A large slip along Te Parae Rd, near Masterton, closed the road on Thursday. PHOTO/FILE
Most farmers will be doing it “pretty tough” after the devastation caused by last week’s adverse weather, Federated Farmers Wairarapa president William Beetham said.
Wairarapa was drenched with persistent rain, causing flooding of roads and slips, which made lambing and calving difficult for farmers.
With the sunny weather expected for this week, farmers will be out assessing damage and stock losses, he said.
“Often, at times like this, farmers feel like they are the only ones in the situation, but they’re not,” Beetham said.
Beetham said he had already heard of some terrible lamb losses and wanted farmers to know where they could turn to for support.
Wairarapa DHB communications manager Anna Cardno said every season brought new challenges.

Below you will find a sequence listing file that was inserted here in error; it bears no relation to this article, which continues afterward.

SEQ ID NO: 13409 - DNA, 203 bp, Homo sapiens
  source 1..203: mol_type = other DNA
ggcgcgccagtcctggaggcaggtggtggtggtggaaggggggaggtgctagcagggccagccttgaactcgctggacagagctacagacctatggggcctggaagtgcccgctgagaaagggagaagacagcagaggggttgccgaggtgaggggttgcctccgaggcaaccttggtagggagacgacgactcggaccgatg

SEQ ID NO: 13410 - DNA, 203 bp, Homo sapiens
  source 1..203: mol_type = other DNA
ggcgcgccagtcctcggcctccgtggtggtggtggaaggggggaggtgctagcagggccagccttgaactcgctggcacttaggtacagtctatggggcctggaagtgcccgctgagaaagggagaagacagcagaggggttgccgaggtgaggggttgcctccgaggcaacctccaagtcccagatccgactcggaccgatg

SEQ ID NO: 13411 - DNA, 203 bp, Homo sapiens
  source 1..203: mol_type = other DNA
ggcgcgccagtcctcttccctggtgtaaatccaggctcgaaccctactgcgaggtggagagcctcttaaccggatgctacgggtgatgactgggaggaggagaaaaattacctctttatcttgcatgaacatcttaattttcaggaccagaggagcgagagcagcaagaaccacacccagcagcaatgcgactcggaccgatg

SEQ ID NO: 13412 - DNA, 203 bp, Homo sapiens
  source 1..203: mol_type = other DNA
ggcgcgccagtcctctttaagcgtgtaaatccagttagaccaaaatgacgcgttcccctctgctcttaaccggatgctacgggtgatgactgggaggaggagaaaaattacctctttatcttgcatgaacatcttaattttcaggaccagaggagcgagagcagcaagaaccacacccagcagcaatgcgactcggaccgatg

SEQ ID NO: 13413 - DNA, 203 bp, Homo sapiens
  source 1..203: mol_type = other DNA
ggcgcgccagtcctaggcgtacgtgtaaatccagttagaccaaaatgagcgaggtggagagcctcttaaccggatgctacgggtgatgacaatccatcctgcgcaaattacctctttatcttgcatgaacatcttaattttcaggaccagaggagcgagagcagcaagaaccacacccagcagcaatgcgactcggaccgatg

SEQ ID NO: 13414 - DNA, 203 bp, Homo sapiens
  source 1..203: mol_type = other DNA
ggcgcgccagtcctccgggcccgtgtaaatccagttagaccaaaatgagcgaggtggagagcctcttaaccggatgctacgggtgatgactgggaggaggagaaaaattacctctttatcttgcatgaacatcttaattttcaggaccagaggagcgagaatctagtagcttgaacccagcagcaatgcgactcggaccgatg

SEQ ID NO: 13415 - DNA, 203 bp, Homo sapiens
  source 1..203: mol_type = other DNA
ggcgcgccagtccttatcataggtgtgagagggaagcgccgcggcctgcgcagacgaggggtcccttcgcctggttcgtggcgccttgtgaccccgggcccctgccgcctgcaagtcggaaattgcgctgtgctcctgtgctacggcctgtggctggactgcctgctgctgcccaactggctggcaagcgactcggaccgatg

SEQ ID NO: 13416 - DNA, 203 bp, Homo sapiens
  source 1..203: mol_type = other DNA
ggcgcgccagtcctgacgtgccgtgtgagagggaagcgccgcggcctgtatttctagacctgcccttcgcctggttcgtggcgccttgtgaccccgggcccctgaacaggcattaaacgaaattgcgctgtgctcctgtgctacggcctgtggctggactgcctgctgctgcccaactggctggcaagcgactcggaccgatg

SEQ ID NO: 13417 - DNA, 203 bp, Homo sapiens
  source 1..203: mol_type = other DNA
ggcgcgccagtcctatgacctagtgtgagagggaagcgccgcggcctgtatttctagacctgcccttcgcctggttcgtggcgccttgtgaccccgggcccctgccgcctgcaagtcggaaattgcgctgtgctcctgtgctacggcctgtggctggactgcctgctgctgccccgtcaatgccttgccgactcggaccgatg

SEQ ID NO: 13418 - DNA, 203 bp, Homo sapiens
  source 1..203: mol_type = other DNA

“Even the most robust rural stalwarts take on the pressing burden of winter worries, and sometimes, that burden can be too heavy for just one person to carry,” she said.
Cardno said having a sense of control and maintaining confidence through the severe weather events can take its toll during the day-to-day rural life.
Last week’s weather was driven by one weather pattern which was slowly clearing, NIWA forecaster Ben Noll said.
Since the start of the month, Masterton recorded 44mm of rain, Martinborough 55mm, and Castlepoint 66mm.
Castlepoint had already recorded beyond its monthly rainfall average of 58mm, Noll said.
While soil moisture levels across the region were “saturated”, this week was looking to be dry with chilly mornings, he said.
“The worst of it is definitely behind us,” he said.
If families or neighbours were struggling, they should get in touch with rural support groups, Beetham said.
If you are unable to talk to your doctor and need urgent help, call Te Haika, 24/7 mental health centre on 0800 745 477.
East Coast Rural Support Trust 0800 787 254 and farmstrong.co.nz.